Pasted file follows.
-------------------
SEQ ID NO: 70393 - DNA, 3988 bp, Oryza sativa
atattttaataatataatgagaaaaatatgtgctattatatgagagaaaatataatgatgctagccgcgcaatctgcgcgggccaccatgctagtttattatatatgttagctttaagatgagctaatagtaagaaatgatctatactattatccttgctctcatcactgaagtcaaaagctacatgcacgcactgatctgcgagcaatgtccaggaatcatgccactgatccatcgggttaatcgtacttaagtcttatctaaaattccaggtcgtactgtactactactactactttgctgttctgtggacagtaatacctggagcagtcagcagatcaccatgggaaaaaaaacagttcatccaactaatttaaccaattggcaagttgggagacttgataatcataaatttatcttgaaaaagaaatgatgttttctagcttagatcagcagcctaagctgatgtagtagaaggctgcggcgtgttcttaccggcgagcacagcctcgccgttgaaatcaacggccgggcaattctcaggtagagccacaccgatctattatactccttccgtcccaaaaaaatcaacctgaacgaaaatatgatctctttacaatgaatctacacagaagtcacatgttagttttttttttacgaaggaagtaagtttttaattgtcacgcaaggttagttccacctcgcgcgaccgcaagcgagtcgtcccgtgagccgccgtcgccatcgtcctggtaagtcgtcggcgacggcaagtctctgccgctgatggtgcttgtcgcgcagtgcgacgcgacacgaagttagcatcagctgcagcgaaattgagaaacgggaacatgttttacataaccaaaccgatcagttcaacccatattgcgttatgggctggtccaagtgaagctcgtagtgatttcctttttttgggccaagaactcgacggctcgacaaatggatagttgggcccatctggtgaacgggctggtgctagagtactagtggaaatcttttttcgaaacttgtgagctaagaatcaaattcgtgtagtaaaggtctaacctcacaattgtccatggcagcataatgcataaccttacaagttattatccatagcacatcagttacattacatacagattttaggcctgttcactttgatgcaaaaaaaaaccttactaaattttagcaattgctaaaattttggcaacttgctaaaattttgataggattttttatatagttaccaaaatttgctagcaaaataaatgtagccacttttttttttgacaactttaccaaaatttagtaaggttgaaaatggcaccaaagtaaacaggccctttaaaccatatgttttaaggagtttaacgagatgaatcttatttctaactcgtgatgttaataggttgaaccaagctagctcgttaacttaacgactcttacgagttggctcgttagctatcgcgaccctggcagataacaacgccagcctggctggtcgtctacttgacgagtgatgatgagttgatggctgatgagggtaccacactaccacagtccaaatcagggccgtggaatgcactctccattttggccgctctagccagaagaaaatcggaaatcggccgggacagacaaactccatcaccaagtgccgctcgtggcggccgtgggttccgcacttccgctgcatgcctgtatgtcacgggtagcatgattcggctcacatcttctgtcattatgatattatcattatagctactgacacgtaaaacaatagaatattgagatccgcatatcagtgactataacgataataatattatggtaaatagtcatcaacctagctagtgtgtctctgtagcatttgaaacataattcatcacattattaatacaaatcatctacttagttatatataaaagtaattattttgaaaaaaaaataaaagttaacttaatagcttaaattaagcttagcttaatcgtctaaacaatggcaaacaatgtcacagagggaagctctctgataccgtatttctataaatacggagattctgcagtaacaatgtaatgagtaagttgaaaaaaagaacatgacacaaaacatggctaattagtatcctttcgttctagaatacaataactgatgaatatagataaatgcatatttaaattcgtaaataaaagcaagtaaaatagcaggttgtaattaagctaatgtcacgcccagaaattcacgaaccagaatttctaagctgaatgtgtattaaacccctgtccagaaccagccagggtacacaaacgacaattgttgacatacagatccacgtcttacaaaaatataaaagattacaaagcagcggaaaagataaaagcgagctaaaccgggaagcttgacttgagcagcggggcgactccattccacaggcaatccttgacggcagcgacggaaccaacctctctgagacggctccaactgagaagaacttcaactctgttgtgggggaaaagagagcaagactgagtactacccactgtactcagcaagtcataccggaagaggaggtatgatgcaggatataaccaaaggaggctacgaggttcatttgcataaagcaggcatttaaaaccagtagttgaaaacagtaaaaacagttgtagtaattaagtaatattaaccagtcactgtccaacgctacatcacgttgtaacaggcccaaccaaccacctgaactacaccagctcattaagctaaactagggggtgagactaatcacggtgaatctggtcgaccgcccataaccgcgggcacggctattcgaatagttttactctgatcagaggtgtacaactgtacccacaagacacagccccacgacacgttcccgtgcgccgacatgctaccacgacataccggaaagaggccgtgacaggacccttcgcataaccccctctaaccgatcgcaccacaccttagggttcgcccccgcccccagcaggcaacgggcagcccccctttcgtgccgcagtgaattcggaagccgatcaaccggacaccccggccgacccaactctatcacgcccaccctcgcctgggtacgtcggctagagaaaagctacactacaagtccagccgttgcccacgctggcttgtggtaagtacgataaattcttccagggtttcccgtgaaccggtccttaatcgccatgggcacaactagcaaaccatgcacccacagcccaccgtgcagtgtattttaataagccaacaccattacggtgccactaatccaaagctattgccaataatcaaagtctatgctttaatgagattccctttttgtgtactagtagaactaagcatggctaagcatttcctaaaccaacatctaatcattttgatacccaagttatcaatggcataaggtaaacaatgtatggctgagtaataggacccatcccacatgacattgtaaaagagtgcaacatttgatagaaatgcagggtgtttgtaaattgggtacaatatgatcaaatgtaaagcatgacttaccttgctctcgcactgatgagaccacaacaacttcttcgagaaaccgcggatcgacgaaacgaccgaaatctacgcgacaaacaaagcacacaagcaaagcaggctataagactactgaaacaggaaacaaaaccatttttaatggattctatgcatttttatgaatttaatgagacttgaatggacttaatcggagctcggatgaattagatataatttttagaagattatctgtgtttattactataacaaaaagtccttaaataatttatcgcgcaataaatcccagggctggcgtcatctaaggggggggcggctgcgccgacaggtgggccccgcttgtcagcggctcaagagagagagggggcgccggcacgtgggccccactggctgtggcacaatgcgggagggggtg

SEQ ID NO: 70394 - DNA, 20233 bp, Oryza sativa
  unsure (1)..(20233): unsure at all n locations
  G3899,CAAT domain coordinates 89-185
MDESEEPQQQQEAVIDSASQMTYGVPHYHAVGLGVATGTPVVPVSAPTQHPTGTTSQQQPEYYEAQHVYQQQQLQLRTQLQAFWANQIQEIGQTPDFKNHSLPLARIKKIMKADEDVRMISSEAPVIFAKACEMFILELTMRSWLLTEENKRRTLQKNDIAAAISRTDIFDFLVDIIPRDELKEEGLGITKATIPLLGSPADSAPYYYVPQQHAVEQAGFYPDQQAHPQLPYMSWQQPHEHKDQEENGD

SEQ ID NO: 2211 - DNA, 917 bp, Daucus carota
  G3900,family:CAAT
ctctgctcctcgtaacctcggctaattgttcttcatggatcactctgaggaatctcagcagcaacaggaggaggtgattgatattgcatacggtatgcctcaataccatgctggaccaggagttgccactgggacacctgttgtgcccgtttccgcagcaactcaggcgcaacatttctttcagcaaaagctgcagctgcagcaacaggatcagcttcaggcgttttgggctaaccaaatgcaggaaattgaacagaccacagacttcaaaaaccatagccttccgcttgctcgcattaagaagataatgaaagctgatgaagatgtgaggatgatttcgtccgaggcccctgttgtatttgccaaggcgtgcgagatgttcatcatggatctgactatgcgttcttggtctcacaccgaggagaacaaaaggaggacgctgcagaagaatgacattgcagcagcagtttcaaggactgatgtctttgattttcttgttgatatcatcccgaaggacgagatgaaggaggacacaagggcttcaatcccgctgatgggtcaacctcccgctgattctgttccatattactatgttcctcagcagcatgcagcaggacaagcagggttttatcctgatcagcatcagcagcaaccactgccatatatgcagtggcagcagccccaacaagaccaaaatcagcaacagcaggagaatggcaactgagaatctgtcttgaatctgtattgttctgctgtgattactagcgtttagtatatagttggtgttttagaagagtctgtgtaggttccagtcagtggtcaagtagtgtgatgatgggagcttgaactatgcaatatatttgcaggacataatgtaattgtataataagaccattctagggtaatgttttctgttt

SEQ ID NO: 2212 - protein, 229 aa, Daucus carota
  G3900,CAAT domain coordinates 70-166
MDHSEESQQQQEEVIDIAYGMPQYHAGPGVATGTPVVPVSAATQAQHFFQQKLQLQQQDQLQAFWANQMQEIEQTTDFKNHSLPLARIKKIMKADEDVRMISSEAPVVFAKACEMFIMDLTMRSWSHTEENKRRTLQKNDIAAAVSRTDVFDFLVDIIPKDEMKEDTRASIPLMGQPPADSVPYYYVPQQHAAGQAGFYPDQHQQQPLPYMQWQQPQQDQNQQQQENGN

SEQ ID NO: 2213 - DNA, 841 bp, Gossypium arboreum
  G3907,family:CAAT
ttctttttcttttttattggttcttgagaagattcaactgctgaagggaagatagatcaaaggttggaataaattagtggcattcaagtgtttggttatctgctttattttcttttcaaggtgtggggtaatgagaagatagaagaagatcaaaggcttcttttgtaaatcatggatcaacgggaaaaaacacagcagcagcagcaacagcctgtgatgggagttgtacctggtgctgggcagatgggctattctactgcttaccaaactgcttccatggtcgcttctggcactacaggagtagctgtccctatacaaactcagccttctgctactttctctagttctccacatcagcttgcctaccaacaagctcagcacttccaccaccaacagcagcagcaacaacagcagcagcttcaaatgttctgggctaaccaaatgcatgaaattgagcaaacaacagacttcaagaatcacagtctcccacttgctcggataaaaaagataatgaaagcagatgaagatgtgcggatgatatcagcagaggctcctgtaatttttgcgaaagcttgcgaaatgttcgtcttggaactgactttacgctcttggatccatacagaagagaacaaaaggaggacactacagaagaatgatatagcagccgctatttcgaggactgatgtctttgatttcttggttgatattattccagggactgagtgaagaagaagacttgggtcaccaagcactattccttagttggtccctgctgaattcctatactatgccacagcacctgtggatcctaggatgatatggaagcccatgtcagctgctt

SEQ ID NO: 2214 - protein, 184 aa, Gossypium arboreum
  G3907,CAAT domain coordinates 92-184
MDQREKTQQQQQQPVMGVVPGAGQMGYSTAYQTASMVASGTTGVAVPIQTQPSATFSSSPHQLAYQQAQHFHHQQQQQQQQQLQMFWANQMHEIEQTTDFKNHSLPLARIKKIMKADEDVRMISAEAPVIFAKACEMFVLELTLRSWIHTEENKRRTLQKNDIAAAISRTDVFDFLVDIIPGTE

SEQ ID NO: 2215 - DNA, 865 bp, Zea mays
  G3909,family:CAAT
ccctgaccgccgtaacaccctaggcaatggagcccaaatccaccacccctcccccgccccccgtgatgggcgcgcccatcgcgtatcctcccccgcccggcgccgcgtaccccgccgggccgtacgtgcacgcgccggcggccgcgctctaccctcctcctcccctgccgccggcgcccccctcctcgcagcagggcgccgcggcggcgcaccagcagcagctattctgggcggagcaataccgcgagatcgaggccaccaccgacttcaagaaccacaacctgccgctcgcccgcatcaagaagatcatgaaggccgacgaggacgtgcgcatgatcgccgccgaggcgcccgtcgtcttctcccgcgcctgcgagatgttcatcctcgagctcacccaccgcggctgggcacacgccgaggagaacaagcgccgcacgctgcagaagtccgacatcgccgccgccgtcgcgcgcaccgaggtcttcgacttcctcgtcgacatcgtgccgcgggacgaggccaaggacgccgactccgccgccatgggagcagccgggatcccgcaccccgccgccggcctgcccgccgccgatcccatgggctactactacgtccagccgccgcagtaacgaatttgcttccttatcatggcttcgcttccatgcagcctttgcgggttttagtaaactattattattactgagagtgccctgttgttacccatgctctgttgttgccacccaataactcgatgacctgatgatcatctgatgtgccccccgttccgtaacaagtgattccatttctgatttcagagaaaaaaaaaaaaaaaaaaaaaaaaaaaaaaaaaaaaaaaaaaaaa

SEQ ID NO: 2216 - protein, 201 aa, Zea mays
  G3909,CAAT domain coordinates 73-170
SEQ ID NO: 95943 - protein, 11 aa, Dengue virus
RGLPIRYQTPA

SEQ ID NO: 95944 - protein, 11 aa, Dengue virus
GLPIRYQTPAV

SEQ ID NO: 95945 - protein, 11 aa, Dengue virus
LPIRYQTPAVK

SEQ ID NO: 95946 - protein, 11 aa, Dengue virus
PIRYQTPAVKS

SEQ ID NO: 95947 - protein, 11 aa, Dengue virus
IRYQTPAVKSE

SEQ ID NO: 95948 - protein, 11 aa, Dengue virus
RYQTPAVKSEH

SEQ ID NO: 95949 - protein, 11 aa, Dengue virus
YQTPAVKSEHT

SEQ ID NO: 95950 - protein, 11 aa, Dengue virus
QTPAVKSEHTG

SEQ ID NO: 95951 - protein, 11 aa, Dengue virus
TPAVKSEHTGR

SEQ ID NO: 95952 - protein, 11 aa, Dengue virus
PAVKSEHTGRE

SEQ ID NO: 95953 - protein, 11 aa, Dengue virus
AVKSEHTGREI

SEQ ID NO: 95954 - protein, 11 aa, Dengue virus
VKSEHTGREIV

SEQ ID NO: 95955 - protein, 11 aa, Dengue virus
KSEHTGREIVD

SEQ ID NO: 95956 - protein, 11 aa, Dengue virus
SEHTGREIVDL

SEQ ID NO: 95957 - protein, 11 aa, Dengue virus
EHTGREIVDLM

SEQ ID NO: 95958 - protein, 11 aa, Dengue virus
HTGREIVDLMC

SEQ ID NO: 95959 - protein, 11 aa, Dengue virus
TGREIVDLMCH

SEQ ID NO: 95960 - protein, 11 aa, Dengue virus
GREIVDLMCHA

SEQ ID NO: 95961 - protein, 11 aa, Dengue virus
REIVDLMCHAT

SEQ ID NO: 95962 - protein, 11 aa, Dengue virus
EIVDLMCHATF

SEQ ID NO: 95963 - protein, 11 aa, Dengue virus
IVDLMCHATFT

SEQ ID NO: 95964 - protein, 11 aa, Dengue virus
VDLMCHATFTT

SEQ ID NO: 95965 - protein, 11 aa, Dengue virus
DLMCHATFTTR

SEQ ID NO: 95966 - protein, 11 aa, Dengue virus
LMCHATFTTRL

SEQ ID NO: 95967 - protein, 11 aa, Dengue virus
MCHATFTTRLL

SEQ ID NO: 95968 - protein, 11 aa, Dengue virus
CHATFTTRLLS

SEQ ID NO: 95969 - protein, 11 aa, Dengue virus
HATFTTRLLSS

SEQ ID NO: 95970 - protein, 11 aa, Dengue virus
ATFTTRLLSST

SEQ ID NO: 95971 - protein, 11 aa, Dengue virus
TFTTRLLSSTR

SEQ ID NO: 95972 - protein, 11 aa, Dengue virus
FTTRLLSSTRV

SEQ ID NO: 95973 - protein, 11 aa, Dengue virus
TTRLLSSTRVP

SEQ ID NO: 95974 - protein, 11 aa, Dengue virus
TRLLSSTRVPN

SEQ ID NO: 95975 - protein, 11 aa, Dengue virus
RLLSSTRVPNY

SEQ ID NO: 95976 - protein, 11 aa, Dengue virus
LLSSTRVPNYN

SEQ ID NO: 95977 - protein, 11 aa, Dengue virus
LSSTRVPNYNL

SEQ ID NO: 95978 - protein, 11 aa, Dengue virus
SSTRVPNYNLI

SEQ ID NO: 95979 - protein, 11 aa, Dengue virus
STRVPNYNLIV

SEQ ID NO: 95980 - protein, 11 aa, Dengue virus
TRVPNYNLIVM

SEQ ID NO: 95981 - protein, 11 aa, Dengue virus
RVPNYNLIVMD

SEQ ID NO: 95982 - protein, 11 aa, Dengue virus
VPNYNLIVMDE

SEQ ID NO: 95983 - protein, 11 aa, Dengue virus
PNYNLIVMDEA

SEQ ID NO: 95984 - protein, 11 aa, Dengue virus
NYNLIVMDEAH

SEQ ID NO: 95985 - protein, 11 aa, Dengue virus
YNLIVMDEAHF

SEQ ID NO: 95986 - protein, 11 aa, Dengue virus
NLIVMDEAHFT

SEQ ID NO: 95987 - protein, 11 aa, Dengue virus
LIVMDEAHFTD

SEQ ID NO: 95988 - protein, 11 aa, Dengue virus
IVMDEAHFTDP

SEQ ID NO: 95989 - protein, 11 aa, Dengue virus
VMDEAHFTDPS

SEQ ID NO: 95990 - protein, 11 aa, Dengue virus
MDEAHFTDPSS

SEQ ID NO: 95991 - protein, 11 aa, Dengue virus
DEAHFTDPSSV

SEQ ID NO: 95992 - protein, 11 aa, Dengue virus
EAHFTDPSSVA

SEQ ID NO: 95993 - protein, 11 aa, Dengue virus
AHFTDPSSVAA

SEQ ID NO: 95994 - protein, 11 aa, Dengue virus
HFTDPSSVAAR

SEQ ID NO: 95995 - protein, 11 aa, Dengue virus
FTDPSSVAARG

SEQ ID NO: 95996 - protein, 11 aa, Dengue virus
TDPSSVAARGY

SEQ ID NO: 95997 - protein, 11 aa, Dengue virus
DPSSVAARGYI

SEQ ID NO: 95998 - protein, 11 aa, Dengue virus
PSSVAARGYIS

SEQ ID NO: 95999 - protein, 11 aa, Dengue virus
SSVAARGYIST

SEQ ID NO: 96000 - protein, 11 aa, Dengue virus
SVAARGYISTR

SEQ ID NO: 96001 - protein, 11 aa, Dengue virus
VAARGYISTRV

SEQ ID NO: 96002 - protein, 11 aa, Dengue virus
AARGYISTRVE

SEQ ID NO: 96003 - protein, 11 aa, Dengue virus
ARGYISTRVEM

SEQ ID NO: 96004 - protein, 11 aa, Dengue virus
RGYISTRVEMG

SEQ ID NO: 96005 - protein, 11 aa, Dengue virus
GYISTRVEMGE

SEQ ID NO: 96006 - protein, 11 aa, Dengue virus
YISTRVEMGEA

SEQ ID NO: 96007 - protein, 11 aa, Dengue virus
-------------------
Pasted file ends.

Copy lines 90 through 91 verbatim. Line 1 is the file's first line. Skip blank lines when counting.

SEQ ID NO: 95976 - protein, 11 aa, Dengue virus
LLSSTRVPNYN